As English teachers, we carefully craft writing assignments, rubrics, and lectures to teach students the merits of academic integrity and the pitfalls of plagiarism, but sometimes (hopefully unintentionally) we forget to take our own advice. Breaking copyright laws can negatively impact educational publishers and land teachers in hot water. Today, I’d like to look at some of the issues around copyright in the classroom. Please note: I am not a lawyer, and the best way to know for sure that you are appropriately using copyrighted materials is to:
- When in doubt, ask the author or publisher for permission to use a resource.
- Check out more at Copyright.gov.
Most of what we use in the classroom falls under copyright law and as teachers, we should be an example of respect to authors, creators, and publishers. Classroom teachers are given certain leniencies under the fair use exception, which allows limited use of a copyrighted work without permission for purposes such as teaching, research, scholarship, criticism, parody and news reporting, but we are not immune to copyright restrictions and we MUST be mindful of how we use all kinds of copyrighted materials, including (but not limited to) published reading guides from Secondary Solutions and other educational resources. Unless they are sure that something has been published under Creative Commons or is currently in the public domain, teachers must legally respect the rights of the author, which include:
- the right to copy (see exceptions below)
- the right to create derivative works
- the right to sell, lease, or rent copies of the work to the public
- the right to perform the work publicly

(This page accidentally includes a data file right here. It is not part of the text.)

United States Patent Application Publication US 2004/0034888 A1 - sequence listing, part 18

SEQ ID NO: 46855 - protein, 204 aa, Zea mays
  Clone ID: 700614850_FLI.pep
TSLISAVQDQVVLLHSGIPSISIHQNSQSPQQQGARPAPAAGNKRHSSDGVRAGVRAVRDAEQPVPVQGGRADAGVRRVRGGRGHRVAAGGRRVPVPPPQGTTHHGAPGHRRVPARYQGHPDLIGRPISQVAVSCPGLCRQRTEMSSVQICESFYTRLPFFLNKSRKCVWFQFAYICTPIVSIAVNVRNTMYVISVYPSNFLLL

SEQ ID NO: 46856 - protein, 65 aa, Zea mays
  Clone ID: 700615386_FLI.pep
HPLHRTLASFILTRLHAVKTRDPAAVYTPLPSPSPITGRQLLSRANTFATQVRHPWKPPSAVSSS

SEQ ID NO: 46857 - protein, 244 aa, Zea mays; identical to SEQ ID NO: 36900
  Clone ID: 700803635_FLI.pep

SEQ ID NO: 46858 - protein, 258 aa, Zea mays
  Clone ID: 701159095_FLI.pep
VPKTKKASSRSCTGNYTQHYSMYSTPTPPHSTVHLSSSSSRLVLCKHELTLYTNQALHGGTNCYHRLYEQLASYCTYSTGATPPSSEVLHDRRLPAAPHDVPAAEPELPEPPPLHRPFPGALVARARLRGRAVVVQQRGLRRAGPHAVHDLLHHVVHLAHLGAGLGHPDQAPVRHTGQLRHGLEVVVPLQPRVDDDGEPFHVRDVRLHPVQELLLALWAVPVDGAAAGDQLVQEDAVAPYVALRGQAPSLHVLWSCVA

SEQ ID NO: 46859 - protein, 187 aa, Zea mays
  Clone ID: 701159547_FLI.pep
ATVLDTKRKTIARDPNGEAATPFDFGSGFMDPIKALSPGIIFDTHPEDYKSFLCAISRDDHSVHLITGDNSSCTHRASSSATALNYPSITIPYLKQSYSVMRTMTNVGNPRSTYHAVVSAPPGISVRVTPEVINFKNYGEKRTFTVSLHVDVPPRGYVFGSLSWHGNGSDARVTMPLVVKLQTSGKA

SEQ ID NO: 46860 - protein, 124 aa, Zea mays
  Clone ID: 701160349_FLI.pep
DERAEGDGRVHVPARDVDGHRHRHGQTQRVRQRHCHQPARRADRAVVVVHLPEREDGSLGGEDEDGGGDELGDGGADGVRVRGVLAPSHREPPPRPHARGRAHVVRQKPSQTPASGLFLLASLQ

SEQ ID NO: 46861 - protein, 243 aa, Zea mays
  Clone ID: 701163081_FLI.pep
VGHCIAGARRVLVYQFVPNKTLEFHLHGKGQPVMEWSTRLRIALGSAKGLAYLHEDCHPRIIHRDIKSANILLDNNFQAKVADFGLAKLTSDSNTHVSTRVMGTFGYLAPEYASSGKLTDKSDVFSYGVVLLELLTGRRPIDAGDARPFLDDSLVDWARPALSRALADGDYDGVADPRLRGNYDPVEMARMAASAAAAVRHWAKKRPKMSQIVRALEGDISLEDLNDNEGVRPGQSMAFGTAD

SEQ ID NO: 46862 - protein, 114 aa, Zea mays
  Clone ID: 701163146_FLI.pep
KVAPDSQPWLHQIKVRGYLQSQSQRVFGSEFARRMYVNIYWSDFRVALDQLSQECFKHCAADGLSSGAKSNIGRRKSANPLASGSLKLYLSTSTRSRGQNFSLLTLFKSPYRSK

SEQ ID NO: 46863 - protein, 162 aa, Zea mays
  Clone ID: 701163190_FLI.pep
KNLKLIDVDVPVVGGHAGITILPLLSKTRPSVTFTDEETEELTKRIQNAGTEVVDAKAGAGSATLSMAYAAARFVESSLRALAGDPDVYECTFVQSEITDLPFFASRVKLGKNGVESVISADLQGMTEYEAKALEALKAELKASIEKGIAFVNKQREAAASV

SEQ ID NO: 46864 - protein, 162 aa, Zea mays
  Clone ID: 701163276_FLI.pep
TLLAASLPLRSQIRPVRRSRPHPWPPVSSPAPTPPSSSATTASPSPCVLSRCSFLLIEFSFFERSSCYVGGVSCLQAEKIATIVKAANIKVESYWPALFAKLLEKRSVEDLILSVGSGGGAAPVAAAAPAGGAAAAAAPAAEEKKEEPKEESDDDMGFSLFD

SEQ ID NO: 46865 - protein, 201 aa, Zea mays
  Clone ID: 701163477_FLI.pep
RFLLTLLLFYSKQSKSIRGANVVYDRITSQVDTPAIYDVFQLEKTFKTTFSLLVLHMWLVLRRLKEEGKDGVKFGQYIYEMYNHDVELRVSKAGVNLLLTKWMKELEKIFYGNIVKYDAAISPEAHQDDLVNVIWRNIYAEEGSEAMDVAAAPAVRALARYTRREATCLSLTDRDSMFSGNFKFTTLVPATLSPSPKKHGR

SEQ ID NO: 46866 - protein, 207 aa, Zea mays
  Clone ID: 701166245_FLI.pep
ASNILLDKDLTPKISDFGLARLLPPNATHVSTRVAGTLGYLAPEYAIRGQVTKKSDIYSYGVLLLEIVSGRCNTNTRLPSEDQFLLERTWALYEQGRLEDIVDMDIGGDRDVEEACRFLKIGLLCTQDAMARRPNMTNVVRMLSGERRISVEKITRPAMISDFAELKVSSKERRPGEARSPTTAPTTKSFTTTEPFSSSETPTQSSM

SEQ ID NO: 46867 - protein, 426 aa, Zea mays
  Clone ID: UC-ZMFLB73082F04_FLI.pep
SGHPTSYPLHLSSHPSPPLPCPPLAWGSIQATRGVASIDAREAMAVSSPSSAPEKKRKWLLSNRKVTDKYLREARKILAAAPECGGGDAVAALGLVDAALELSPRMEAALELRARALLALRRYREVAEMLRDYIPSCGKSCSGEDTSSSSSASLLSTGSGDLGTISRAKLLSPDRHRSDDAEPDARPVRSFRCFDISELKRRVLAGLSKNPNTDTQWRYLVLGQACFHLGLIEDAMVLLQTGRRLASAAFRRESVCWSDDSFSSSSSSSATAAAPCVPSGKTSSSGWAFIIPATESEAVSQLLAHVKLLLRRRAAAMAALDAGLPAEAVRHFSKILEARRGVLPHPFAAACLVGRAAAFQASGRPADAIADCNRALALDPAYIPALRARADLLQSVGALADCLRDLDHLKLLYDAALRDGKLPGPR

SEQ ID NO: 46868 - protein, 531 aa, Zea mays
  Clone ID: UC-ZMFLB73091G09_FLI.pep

- the right to display the work publicly
What Teachers MAY Do With Copyrighted Materials Like Secondary Solutions Guides:
- Teachers may photocopy materials for use in the classroom.
- Teachers may post materials to closed or password protected websites. The site must only be accessible to students currently enrolled in the course and not to the general public or other teachers.
- Teachers may use the information to prepare lectures and classroom activities.
What Teachers MAY NOT Do with Copyrighted Materials Like Secondary Solutions Guides:
- Teachers may not distribute to other teachers. Unless the teacher has purchased multi-user or bulk licensing directly from 4SecondarySolutions.com, he or she may not email the PDF or photocopy the book for other teachers’ use in the classroom.
A note about public domain: Public domain is not synonymous with “found on the internet”. Images, articles, charts, and other resources published on the internet are not necessarily open for public distribution without permission. Teacher beware.
We’d love to hear your questions, comments, and concerns when it comes to copyright in the classroom! Thank you for stopping by.